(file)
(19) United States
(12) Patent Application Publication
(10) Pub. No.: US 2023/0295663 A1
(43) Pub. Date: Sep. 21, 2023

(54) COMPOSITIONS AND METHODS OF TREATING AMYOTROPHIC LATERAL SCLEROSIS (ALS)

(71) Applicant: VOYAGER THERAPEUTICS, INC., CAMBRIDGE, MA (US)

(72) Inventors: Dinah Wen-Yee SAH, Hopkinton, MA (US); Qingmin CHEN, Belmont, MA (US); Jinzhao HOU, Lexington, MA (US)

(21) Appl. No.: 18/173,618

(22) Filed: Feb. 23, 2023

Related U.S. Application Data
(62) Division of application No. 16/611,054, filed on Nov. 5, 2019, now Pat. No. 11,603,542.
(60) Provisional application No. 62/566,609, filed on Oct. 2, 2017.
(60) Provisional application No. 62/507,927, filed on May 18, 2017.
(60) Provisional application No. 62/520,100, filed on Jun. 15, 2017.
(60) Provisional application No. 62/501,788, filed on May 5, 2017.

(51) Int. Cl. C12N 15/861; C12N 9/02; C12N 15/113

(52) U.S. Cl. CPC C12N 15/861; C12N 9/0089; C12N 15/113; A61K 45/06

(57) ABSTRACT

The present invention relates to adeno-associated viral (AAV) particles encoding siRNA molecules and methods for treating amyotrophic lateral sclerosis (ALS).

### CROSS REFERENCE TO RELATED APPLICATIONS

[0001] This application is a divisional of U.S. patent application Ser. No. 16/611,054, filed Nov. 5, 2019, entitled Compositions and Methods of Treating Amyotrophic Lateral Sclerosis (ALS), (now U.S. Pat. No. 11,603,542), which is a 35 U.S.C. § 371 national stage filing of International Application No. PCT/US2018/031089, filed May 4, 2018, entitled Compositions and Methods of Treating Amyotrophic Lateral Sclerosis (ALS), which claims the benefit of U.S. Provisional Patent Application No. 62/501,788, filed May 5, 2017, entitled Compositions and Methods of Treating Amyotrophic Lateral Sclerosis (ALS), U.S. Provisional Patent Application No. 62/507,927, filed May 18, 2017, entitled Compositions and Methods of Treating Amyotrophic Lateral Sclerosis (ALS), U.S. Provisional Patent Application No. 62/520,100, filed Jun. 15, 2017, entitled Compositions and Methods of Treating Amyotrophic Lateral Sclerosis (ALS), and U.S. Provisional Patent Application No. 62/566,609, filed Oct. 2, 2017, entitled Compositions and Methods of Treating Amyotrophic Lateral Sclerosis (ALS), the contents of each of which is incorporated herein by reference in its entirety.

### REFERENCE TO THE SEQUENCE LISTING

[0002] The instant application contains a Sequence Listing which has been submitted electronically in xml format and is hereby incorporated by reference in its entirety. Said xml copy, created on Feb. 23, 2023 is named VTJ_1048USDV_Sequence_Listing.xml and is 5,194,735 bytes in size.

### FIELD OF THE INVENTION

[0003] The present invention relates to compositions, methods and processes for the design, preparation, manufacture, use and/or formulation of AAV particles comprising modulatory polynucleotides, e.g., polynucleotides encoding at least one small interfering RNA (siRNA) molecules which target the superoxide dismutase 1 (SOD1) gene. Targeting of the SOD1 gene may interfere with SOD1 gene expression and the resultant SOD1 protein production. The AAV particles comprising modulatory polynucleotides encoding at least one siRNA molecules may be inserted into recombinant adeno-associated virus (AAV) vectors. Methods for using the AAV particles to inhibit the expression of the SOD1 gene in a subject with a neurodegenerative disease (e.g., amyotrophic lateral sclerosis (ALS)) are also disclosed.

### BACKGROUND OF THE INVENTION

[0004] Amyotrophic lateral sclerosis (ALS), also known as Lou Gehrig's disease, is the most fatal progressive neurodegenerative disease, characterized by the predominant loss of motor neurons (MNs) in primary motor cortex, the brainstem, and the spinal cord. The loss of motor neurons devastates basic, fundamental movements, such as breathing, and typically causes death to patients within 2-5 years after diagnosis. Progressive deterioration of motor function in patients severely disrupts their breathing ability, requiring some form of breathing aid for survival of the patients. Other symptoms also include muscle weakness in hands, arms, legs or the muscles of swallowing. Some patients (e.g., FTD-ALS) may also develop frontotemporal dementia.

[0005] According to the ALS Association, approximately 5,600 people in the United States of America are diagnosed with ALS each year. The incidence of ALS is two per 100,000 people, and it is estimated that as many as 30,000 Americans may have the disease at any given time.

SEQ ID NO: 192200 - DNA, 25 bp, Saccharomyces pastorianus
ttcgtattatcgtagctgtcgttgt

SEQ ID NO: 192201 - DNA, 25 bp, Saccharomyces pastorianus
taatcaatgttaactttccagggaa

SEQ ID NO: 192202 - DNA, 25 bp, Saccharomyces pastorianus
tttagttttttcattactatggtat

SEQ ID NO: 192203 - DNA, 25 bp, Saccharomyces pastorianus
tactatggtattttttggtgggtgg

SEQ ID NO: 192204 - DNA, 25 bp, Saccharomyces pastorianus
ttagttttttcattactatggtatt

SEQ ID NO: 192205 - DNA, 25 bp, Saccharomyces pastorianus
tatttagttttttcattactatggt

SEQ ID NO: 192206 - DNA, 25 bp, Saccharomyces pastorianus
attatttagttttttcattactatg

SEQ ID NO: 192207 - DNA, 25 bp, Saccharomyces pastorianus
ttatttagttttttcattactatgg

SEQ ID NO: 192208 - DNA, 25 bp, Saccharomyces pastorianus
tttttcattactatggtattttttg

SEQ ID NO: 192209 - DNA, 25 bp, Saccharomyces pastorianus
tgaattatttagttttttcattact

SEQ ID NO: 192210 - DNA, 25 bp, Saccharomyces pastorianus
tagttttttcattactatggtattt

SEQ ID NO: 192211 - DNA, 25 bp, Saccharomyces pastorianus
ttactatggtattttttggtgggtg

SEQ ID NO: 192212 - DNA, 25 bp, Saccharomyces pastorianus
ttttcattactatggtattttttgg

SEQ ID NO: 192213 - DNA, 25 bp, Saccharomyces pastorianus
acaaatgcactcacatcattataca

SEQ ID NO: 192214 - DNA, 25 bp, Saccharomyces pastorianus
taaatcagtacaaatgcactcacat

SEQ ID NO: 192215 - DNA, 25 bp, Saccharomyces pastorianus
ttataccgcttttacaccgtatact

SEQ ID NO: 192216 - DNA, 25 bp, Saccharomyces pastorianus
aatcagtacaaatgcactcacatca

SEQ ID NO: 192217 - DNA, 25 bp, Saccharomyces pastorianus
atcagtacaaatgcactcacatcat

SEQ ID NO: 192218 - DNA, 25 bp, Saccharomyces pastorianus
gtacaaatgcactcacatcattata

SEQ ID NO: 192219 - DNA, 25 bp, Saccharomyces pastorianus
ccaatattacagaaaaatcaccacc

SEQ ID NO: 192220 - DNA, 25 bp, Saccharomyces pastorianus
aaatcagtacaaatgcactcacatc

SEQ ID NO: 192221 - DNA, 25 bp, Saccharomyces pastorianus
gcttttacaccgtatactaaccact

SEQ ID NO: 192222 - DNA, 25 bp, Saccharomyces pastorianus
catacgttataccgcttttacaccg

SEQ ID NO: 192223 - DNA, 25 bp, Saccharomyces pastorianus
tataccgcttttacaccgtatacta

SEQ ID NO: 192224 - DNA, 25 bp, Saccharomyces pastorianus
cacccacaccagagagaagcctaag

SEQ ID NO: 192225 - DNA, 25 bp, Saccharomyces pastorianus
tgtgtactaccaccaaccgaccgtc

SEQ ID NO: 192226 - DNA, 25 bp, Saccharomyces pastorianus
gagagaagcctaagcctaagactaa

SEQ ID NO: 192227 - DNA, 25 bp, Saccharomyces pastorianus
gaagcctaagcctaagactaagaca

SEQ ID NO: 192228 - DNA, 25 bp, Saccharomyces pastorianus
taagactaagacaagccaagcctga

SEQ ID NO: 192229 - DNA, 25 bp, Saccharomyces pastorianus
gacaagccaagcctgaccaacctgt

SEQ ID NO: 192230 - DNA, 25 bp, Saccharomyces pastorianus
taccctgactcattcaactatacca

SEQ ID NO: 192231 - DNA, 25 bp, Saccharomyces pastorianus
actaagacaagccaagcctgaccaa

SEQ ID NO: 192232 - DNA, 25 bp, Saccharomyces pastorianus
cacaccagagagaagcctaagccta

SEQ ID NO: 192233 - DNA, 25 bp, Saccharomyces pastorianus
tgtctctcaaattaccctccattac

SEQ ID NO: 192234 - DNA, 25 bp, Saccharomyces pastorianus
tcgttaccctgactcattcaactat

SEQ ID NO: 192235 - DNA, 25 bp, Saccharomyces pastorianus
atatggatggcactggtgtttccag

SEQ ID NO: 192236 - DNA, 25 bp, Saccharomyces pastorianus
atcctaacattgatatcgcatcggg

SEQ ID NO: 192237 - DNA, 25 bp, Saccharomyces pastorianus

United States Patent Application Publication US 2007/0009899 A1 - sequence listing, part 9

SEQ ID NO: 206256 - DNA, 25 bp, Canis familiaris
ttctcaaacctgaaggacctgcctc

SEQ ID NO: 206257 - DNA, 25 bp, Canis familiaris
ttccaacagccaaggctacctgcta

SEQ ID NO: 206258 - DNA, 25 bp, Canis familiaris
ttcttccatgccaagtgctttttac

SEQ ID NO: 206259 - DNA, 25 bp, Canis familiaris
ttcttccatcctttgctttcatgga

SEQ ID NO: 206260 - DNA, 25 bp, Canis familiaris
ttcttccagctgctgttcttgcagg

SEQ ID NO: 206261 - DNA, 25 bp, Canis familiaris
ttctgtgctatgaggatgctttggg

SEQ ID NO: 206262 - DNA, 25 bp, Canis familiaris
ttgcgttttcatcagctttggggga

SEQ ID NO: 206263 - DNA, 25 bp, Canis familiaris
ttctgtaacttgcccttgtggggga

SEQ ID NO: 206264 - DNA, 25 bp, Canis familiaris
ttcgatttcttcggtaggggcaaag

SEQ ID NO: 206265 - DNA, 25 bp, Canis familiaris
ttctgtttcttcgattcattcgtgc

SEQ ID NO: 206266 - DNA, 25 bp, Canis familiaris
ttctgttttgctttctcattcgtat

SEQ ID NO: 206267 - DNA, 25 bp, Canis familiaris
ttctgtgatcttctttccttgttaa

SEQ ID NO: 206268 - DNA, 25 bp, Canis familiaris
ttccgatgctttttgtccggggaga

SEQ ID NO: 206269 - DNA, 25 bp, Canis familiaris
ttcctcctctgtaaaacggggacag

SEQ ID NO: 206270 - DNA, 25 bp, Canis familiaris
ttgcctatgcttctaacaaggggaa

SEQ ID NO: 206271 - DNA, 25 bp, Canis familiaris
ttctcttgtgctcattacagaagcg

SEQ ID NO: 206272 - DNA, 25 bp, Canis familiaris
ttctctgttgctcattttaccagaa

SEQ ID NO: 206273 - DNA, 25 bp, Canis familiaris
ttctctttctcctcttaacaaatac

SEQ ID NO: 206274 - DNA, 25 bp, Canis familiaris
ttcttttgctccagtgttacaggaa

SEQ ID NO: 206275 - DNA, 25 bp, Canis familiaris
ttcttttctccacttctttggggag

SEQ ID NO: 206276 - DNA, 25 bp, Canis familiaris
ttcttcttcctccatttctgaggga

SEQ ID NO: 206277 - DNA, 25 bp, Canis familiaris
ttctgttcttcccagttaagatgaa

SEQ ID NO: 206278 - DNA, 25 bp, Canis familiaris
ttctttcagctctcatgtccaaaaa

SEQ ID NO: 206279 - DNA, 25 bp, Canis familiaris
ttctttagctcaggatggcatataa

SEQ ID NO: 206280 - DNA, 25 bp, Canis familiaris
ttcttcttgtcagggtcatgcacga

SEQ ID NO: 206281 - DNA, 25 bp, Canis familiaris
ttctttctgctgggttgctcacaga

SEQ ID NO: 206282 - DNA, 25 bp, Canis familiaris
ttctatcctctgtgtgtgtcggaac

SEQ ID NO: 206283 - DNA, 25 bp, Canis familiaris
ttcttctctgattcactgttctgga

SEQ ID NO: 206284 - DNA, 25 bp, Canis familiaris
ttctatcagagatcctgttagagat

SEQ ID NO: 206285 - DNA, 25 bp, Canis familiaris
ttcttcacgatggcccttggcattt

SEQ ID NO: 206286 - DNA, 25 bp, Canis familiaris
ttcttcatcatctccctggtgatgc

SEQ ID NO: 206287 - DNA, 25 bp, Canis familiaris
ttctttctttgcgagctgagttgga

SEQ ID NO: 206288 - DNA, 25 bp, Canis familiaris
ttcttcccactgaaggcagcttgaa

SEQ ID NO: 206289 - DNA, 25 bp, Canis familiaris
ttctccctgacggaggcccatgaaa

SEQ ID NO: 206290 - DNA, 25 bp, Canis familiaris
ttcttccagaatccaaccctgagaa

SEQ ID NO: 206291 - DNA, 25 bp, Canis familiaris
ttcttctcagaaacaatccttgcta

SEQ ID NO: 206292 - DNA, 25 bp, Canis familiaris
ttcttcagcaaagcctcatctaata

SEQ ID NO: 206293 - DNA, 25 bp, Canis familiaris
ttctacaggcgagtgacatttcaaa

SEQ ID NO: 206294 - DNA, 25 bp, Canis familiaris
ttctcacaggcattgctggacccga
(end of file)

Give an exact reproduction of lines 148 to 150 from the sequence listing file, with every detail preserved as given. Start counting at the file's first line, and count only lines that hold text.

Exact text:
ttctgttcttcccagttaagatgaa

SEQ ID NO: 206278 - DNA, 25 bp, Canis familiaris
ttctttcagctctcatgtccaaaaa